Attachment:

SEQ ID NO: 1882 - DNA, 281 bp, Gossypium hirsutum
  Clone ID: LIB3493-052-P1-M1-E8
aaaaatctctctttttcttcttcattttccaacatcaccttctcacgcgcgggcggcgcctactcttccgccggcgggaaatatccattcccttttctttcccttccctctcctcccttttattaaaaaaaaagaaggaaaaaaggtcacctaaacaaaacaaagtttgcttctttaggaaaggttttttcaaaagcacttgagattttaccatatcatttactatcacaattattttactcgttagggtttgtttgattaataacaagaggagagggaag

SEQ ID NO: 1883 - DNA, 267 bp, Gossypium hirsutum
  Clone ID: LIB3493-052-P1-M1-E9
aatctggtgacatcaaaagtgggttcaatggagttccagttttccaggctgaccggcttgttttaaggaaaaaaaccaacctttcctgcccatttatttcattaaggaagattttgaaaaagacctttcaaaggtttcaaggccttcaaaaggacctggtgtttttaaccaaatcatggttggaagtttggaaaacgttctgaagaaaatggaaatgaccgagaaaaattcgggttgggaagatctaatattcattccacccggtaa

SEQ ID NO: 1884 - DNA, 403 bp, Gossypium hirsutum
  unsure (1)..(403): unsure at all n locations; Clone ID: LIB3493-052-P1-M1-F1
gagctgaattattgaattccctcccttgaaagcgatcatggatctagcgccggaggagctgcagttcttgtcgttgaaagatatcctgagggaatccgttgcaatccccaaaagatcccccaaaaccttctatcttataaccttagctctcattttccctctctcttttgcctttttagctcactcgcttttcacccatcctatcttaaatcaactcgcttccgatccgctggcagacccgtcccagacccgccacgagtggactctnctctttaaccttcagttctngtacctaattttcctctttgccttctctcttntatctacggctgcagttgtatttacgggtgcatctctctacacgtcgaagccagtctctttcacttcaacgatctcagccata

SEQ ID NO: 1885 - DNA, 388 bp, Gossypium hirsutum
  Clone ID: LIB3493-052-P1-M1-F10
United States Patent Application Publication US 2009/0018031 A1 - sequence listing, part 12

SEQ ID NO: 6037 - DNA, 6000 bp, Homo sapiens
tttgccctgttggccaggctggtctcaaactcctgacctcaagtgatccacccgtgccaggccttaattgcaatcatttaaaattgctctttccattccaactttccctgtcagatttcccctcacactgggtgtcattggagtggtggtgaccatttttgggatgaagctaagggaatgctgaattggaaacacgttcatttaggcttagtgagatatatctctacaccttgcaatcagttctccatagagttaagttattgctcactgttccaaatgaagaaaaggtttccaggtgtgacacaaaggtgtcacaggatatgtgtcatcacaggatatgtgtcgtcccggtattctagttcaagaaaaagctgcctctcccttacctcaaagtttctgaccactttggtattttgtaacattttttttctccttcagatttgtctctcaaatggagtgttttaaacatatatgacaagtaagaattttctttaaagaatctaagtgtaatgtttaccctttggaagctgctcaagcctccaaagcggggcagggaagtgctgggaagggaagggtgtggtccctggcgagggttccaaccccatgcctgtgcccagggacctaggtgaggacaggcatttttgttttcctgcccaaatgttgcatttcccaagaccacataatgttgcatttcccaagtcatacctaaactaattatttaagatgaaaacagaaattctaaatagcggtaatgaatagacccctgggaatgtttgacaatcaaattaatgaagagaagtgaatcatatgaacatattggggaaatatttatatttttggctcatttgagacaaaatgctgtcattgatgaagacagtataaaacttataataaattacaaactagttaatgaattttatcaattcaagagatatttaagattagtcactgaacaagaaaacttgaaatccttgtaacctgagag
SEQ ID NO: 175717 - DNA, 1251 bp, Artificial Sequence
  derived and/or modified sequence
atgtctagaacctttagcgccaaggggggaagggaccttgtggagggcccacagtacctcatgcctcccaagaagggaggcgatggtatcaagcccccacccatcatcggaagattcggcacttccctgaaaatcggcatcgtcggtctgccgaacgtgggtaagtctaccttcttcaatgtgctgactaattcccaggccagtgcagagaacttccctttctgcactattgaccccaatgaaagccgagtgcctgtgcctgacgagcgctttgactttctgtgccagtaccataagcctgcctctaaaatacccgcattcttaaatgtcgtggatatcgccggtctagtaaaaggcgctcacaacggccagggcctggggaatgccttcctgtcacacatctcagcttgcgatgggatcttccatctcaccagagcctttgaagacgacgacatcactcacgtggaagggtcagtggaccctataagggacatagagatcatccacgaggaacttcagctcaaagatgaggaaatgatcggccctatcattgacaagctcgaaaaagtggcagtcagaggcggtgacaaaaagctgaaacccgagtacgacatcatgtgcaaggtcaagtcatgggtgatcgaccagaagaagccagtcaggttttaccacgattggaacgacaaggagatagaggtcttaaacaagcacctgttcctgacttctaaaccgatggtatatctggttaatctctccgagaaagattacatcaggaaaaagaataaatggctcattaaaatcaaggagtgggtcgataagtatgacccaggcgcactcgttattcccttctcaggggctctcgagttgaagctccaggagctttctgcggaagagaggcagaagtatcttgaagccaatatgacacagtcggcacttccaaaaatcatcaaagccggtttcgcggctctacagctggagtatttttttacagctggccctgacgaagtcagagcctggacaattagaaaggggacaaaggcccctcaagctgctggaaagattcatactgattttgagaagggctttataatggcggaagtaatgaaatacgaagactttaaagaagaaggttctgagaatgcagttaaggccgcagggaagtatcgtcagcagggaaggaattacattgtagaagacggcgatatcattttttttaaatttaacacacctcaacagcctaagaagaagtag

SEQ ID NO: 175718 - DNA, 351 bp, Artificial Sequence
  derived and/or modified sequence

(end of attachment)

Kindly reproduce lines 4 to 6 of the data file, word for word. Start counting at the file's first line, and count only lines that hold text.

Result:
SEQ ID NO: 1883 - DNA, 267 bp, Gossypium hirsutum
  Clone ID: LIB3493-052-P1-M1-E9
aatctggtgacatcaaaagtgggttcaatggagttccagttttccaggctgaccggcttgttttaaggaaaaaaaccaacctttcctgcccatttatttcattaaggaagattttgaaaaagacctttcaaaggtttcaaggccttcaaaaggacctggtgtttttaaccaaatcatggttggaagtttggaaaacgttctgaagaaaatggaaatgaccgagaaaaattcgggttgggaagatctaatattcattccacccggtaa